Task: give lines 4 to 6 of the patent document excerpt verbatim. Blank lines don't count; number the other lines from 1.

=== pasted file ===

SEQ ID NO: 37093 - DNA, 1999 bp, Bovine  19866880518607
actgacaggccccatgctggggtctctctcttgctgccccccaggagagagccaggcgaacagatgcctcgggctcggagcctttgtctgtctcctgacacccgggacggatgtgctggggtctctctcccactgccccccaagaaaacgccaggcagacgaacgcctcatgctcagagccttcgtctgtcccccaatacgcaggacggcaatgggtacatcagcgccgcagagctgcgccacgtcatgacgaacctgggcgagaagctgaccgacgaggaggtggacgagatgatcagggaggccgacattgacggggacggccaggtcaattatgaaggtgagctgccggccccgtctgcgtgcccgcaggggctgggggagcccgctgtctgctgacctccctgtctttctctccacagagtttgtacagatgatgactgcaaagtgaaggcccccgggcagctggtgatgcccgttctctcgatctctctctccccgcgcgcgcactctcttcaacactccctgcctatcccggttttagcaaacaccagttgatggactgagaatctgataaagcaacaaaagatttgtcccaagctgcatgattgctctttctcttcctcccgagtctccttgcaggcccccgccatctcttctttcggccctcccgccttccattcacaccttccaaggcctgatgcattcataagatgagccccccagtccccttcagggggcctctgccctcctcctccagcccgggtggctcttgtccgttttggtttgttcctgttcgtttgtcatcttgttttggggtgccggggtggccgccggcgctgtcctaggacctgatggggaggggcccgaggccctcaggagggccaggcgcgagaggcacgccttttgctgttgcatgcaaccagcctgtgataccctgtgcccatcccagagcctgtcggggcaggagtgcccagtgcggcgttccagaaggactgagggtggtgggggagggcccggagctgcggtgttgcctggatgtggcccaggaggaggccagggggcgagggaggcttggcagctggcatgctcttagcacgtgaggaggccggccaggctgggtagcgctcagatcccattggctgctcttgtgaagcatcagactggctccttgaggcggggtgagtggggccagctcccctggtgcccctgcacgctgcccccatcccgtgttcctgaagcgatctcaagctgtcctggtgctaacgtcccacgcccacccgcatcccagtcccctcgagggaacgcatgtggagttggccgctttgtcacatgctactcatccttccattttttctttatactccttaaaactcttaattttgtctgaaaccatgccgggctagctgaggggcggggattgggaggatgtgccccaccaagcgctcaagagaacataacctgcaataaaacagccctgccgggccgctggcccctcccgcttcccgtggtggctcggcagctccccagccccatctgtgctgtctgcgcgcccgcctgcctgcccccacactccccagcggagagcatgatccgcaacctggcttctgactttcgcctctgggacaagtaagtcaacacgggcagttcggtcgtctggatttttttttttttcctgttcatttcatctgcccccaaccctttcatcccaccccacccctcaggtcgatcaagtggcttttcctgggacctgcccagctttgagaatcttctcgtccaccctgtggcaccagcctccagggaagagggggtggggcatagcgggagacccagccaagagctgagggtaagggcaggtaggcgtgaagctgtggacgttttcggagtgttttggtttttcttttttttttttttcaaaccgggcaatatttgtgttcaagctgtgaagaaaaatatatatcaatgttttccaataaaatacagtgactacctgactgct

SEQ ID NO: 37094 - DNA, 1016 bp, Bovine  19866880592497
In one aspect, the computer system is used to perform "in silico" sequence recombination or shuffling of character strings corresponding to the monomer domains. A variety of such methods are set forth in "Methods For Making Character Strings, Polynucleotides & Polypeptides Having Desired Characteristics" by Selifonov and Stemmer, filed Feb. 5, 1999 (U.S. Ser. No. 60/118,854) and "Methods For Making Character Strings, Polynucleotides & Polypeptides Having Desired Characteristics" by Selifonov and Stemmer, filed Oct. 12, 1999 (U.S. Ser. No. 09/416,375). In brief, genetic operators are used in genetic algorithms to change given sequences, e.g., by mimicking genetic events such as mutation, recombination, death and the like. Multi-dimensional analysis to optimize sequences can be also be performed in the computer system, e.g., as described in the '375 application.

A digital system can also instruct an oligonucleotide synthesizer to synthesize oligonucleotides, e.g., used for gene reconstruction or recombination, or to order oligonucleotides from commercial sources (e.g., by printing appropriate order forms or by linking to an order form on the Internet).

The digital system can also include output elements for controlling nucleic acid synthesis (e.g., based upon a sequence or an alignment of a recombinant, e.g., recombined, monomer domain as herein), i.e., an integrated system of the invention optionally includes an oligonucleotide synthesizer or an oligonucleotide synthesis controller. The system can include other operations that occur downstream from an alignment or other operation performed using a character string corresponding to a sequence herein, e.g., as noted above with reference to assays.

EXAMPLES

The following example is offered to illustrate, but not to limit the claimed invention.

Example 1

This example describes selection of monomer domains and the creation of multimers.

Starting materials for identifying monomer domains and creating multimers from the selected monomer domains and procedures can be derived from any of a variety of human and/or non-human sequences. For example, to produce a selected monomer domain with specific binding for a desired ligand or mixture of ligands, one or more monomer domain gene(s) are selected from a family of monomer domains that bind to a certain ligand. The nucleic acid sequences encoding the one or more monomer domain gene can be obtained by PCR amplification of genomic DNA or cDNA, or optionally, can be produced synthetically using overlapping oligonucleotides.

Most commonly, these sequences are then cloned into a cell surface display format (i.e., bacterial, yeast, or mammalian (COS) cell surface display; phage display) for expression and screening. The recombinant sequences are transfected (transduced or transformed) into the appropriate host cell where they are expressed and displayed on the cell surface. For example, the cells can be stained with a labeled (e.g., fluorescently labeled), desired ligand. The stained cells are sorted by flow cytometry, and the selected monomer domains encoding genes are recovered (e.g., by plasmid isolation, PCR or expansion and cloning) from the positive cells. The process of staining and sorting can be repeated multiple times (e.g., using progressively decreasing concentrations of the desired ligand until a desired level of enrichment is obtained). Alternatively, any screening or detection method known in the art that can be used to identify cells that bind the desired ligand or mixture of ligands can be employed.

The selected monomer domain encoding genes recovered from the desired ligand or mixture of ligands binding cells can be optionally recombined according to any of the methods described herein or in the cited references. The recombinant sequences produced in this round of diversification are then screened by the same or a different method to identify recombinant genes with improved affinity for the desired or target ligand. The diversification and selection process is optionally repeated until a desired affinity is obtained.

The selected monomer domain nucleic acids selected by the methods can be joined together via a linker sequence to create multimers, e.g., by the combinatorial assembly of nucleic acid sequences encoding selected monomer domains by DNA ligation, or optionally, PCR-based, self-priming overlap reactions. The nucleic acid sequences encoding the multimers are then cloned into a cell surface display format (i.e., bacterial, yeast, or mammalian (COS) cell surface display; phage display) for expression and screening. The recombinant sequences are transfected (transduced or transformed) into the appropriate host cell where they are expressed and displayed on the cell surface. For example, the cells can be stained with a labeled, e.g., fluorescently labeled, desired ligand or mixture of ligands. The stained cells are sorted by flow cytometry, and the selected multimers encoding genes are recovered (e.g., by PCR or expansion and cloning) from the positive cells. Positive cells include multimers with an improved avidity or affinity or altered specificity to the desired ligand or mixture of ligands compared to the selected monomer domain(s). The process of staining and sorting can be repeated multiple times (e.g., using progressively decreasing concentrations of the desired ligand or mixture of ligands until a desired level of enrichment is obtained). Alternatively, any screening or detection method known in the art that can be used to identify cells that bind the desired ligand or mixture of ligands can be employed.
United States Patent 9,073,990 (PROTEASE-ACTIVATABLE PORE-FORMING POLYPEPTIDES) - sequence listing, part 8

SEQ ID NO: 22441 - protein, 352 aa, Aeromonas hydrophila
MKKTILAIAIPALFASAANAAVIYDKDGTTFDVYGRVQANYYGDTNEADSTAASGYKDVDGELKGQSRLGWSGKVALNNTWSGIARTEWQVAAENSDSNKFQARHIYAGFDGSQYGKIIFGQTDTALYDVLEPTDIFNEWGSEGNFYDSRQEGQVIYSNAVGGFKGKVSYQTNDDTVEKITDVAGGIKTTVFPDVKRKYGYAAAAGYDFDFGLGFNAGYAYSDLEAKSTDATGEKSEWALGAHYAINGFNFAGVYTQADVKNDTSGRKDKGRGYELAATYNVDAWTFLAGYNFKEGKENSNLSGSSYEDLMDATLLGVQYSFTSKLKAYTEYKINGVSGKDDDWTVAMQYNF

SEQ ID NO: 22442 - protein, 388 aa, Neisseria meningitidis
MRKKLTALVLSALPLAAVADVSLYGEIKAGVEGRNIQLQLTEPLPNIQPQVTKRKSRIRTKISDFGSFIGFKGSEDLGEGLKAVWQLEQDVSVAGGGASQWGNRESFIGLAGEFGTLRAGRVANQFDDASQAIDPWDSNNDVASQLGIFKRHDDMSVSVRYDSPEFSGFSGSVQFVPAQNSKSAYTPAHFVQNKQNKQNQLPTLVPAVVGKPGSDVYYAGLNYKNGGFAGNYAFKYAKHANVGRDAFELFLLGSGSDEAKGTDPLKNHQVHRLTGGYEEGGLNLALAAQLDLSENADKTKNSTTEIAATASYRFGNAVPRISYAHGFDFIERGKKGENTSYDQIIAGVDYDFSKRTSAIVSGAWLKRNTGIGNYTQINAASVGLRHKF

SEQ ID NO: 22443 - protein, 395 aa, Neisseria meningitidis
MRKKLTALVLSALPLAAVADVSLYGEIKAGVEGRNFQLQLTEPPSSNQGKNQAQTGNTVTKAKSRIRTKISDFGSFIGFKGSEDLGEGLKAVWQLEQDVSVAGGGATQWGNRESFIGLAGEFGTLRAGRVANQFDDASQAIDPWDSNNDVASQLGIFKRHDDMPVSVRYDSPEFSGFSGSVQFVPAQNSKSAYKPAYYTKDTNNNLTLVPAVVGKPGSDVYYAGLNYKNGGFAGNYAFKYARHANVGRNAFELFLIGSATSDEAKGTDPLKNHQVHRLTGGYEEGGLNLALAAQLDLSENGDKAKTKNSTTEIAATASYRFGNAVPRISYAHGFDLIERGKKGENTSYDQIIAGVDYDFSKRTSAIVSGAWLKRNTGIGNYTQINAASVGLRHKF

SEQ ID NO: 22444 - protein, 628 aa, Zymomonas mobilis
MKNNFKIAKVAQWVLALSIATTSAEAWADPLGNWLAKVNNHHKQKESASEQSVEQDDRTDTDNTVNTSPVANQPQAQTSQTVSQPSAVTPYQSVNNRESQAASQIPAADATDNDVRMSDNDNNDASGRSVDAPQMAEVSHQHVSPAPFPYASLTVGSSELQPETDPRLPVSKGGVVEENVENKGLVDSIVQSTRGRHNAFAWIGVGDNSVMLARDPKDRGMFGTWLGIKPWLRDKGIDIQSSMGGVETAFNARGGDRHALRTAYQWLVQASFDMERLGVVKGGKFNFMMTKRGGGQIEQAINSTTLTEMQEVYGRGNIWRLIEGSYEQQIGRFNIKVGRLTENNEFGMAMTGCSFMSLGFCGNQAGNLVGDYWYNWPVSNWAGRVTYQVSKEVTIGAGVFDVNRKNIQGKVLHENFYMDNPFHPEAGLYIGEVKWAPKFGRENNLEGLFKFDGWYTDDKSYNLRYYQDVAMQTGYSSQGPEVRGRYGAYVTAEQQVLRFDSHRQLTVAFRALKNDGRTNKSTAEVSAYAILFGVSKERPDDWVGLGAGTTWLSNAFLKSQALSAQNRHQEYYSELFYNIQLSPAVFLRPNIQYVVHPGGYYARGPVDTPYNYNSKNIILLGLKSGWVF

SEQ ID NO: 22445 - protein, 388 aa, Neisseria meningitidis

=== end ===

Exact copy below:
In one aspect, the computer system is used to perform "in silico" sequence recombination or shuffling of character strings corresponding to the monomer domains. A variety of such methods are set forth in "Methods For Making Character Strings, Polynucleotides & Polypeptides Having Desired Characteristics" by Selifonov and Stemmer, filed Feb. 5, 1999 (U.S. Ser. No. 60/118,854) and "Methods For Making Character Strings, Polynucleotides & Polypeptides Having Desired Characteristics" by Selifonov and Stemmer, filed Oct. 12, 1999 (U.S. Ser. No. 09/416,375). In brief, genetic operators are used in genetic algorithms to change given sequences, e.g., by mimicking genetic events such as mutation, recombination, death and the like. Multi-dimensional analysis to optimize sequences can be also be performed in the computer system, e.g., as described in the '375 application.

A digital system can also instruct an oligonucleotide synthesizer to synthesize oligonucleotides, e.g., used for gene reconstruction or recombination, or to order oligonucleotides from commercial sources (e.g., by printing appropriate order forms or by linking to an order form on the Internet).

The digital system can also include output elements for controlling nucleic acid synthesis (e.g., based upon a sequence or an alignment of a recombinant, e.g., recombined, monomer domain as herein), i.e., an integrated system of the invention optionally includes an oligonucleotide synthesizer or an oligonucleotide synthesis controller. The system can include other operations that occur downstream from an alignment or other operation performed using a character string corresponding to a sequence herein, e.g., as noted above with reference to assays.